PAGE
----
My thanks to George and Pauline for the beautiful photos from a walk we all agreed was a highlight of this year’s walking. It’s a long drive to Cape Reinga from whence this walk began and it was blustery and cool at the beginning. But before the day was out I’d had a couple of dips in the sea and waded in a creek to keep cool. The landscape is extraordinarily varied and there is a sense of being away from it all in this, the very north of the country. I trust you enjoy the photos of which I’ve only chosen to show a few. The complete album can be found here:  https://picasaweb.google.com/109798694876493156288/CapeMariaVanDiemenWalk

Cape Reinga. The meeting of two oceans.

Cape Reinga. The meeting of two oceans.

Ready to begin

Ready to begin: our destination is behind us in the distance.

For your information

For your information

Near beginning

Near beginning: Te Werahi below

Flax readying to bloom

Flax readying to bloom

Two Johns by the steep early cliffs

Two Johns by the steep early cliffs

Relentless seas.

Relentless seas.

Alma, John and Tom on the long stretch of Te Werahi. It's warming up!

Alma, John and Tom on the long stretch of Te Werahi. It’s warming up!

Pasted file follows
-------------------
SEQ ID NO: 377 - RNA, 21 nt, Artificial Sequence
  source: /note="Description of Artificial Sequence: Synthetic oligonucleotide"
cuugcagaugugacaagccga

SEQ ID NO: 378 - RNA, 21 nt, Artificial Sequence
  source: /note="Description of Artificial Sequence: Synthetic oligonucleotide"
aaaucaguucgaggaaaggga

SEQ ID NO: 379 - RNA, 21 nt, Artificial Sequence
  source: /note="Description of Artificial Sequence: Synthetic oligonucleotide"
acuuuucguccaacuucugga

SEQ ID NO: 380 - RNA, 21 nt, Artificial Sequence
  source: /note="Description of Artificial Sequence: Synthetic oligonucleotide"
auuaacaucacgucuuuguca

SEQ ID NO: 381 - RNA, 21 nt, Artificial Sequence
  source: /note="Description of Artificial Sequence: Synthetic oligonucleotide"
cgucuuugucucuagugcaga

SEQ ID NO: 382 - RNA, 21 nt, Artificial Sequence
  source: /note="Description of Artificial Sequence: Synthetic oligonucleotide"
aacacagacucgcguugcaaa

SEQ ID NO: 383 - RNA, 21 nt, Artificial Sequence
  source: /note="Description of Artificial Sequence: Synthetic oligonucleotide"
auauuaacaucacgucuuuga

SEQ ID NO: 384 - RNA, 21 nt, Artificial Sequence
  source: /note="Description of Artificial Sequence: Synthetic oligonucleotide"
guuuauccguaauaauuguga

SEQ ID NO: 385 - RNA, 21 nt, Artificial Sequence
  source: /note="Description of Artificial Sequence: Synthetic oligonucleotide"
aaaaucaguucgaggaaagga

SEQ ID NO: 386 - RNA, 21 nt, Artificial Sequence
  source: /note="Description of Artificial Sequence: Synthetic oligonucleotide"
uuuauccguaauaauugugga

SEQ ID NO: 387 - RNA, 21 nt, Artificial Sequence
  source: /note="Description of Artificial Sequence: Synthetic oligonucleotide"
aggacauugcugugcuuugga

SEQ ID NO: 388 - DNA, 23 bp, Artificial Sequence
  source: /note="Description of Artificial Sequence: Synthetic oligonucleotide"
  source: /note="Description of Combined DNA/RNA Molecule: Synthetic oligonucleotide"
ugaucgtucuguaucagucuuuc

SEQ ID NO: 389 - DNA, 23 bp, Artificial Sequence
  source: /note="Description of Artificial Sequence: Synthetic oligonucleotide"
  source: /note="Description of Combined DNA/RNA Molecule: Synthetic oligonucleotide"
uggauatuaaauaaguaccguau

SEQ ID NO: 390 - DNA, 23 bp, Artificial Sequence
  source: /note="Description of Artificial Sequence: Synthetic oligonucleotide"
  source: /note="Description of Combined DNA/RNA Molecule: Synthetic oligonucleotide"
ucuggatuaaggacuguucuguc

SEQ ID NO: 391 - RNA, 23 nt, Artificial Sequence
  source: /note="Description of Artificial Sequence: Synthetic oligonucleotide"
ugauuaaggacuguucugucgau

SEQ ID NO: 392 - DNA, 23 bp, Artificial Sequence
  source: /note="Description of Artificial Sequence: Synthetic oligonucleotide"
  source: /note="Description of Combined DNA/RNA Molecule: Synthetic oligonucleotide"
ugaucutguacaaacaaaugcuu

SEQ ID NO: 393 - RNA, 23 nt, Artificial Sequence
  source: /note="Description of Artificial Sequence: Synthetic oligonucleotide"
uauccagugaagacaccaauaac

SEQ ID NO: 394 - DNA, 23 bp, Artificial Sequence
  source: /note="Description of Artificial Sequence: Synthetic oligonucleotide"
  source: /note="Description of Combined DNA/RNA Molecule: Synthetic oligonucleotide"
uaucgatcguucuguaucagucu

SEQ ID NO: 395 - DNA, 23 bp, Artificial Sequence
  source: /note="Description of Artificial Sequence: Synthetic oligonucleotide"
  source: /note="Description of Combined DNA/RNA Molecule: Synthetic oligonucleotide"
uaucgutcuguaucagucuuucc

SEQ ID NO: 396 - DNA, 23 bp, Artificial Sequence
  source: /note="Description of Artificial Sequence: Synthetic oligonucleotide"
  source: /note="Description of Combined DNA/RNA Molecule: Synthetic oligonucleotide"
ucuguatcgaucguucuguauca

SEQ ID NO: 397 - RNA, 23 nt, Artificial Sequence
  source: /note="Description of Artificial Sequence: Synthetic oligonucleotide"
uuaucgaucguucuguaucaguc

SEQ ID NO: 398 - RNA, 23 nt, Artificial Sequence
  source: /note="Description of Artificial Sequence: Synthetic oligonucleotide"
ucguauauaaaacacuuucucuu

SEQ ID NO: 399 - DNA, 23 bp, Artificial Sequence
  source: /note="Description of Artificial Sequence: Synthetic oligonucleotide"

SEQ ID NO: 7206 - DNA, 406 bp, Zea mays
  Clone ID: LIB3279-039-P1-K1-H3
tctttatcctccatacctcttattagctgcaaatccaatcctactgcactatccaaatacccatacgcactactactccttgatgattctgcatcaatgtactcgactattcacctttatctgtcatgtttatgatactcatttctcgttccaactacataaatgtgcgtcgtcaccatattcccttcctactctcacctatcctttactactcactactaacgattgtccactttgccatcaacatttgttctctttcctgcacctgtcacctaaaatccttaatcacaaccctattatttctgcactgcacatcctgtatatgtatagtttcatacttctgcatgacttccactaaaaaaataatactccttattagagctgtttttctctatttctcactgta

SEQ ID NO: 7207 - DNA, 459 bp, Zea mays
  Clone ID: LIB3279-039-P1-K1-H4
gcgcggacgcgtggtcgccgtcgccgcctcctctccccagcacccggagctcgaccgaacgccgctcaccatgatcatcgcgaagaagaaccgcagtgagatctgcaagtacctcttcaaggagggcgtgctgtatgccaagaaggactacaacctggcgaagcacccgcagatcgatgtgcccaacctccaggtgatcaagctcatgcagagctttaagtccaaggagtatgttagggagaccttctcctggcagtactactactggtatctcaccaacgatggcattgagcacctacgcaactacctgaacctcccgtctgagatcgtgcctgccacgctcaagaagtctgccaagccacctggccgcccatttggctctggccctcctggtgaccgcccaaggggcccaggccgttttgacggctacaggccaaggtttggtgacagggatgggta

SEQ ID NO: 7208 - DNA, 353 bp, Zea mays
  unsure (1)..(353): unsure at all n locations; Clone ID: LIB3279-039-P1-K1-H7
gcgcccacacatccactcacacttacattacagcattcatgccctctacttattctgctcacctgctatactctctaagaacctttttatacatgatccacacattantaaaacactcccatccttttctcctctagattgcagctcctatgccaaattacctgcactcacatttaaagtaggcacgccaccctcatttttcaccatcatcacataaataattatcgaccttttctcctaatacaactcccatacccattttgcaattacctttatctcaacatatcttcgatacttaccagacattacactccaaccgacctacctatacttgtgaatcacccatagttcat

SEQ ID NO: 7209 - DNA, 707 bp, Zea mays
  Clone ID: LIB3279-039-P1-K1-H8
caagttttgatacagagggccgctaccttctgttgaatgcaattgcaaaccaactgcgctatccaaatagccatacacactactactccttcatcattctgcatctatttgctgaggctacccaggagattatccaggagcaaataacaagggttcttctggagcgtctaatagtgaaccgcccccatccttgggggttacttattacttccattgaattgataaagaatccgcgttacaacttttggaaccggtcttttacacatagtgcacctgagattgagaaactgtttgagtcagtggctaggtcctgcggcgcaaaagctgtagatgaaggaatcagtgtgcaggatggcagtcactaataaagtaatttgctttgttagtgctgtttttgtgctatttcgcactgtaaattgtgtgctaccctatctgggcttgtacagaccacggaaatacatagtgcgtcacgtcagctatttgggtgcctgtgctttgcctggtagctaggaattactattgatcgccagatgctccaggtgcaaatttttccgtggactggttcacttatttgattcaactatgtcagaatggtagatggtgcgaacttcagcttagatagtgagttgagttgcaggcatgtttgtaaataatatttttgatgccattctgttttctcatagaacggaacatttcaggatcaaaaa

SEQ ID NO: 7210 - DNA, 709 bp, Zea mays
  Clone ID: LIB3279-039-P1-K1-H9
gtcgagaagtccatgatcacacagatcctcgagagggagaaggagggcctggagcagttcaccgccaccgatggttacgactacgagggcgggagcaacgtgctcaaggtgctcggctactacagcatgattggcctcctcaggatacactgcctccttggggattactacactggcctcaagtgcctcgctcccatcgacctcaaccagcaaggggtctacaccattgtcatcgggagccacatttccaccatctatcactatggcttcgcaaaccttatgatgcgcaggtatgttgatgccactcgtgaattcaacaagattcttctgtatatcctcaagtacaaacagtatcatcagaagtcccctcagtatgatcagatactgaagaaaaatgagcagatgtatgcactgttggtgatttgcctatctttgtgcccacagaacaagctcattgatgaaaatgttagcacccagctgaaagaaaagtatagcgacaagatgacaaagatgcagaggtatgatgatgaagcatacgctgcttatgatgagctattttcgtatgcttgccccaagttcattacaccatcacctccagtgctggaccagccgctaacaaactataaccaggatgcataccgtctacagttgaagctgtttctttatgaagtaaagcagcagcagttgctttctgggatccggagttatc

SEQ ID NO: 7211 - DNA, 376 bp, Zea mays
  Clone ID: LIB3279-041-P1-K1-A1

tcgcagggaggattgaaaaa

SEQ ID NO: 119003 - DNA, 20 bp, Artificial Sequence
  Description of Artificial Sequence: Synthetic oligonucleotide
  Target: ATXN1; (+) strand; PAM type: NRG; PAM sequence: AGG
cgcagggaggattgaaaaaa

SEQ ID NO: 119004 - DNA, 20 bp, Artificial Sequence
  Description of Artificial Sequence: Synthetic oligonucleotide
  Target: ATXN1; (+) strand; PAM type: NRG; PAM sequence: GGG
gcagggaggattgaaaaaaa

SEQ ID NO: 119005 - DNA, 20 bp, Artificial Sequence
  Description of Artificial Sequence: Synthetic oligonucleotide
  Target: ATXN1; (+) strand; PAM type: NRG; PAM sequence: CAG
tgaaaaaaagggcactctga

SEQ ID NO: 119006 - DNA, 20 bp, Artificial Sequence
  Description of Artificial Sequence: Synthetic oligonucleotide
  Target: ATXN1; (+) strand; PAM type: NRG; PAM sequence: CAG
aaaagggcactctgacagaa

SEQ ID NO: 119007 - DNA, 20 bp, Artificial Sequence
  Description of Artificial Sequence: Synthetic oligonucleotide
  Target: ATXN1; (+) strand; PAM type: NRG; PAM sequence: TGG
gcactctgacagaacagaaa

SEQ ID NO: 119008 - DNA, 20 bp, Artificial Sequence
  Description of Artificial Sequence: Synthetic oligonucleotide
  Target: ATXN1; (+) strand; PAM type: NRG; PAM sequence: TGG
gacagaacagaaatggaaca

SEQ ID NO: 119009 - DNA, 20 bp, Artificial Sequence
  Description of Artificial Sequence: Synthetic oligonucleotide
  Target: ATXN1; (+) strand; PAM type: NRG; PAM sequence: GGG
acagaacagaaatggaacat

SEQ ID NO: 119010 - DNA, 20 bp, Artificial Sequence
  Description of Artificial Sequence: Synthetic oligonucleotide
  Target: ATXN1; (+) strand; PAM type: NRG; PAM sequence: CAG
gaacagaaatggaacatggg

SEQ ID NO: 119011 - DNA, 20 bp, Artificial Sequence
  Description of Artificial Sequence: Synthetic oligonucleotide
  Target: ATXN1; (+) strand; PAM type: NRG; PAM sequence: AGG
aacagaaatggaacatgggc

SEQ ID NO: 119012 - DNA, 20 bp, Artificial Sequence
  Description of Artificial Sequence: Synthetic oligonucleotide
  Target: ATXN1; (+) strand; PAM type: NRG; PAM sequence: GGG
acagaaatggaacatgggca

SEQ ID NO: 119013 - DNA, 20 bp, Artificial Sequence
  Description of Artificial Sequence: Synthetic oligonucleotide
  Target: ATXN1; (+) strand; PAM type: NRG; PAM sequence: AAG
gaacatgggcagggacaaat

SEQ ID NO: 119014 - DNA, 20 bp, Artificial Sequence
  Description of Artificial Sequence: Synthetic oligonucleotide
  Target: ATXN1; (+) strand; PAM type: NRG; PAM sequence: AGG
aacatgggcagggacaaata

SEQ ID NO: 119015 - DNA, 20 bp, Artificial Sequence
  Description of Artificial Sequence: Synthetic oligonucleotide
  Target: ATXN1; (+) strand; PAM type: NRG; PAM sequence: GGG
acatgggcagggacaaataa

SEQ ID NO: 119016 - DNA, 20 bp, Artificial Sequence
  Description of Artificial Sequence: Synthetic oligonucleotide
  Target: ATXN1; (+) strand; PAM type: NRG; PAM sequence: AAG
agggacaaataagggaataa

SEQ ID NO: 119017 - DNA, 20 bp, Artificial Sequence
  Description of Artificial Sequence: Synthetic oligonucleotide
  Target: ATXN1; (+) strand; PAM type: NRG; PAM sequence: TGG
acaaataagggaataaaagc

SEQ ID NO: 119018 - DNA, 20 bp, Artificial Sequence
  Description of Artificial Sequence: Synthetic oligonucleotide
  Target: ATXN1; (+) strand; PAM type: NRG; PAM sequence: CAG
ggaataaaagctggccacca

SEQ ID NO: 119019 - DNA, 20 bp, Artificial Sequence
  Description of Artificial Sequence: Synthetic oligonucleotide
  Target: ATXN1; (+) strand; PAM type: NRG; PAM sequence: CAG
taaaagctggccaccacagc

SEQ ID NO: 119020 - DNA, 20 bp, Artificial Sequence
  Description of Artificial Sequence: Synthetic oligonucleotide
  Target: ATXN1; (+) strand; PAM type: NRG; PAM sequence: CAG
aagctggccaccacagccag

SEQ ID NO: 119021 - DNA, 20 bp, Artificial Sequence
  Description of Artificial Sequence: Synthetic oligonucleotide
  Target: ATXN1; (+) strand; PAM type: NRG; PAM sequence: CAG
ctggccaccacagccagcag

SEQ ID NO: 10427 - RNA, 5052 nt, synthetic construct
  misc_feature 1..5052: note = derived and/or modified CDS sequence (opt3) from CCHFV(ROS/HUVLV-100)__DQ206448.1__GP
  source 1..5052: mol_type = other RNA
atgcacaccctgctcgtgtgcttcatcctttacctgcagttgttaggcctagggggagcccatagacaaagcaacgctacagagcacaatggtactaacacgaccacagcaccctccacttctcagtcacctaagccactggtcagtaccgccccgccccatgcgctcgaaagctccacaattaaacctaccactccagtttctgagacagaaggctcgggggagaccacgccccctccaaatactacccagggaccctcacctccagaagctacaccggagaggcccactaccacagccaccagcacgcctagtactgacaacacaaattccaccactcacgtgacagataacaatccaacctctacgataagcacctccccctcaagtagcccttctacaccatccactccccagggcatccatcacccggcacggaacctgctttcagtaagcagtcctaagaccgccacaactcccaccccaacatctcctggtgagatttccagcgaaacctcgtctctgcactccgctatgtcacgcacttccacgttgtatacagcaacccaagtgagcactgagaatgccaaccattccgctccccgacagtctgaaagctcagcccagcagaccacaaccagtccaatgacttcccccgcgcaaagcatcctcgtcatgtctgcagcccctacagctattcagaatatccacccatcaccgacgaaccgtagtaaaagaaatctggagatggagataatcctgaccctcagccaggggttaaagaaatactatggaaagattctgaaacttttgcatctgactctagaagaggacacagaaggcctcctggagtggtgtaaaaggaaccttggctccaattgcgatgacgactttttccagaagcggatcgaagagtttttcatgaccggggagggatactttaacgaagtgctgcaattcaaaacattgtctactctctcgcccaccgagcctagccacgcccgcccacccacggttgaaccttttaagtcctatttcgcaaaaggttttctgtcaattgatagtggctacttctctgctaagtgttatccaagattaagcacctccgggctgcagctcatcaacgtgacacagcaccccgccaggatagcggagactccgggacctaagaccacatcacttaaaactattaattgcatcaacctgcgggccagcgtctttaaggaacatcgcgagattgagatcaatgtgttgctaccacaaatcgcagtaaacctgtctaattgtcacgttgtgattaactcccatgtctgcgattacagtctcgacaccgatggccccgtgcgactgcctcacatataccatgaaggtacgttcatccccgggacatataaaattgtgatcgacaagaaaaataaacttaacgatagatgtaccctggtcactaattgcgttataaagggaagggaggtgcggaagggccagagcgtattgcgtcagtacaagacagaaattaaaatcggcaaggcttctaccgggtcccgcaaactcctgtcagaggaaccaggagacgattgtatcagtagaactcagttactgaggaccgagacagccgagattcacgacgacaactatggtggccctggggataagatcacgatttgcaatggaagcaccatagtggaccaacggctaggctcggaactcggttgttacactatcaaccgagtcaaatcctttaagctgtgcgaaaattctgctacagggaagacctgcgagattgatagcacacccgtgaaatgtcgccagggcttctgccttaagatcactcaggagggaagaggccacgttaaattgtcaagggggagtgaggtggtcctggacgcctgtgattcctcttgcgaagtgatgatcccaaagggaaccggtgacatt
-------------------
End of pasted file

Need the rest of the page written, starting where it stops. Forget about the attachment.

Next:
The climb up from Te Werahi

The climb up from Te Werahi

Flax Snails

Flax Snails

Dunes down to the beach below Cape Maria van Diemen

Dunes down to the beach below Cape Maria van Diemen

Stunning landscape.

Stunning landscape. Looking out to Motuopao Island

Skyscape

Skyscape

Windswept formations.

Windswept formations.

A dip at midday.

A dip at midday.

Cape Maria Van Diemen Lighthouse

Cape Maria Van Diemen Lighthouse

It is a working lighthouse.

It is a working lighthouse.

Motuopao. Where the lighthouse and lighthouse keeper used to be.

Motuopao. Where the lighthouse and lighthouse keeper used to be. Note treacherous currents.

Creek arriving at the sea.

Creek arriving at the sea. We followed it up.

Down the dune

Down the dune: It’s a sudden stop at the end.

George coming safely down the steep dune.

George coming safely down the steep dune.

Windswept formations

Two steps up and one step back.

Some of the crew enjoying ice cream at Te Paki.

Some of the crew enjoying ice cream at Te Kao. A just reward for a long day.

Radio host, librarian, inspirational speaker and health educator John Haines is the author of In Search of Simplicity: A True Story that Changes Lives andBeyond the Search, books to lift the spirit and touch the heart. See http://www.JohnHainesBooks.wordpress.com  In Search of Simplicity is now available as an eBook here.

“In Search of Simplicity is a unique and awe-inspiring way to re-visit and even answer some of the gnawing questions we all intrinsically have about the meaning of life and our true, individual purpose on the planet. I love this book.”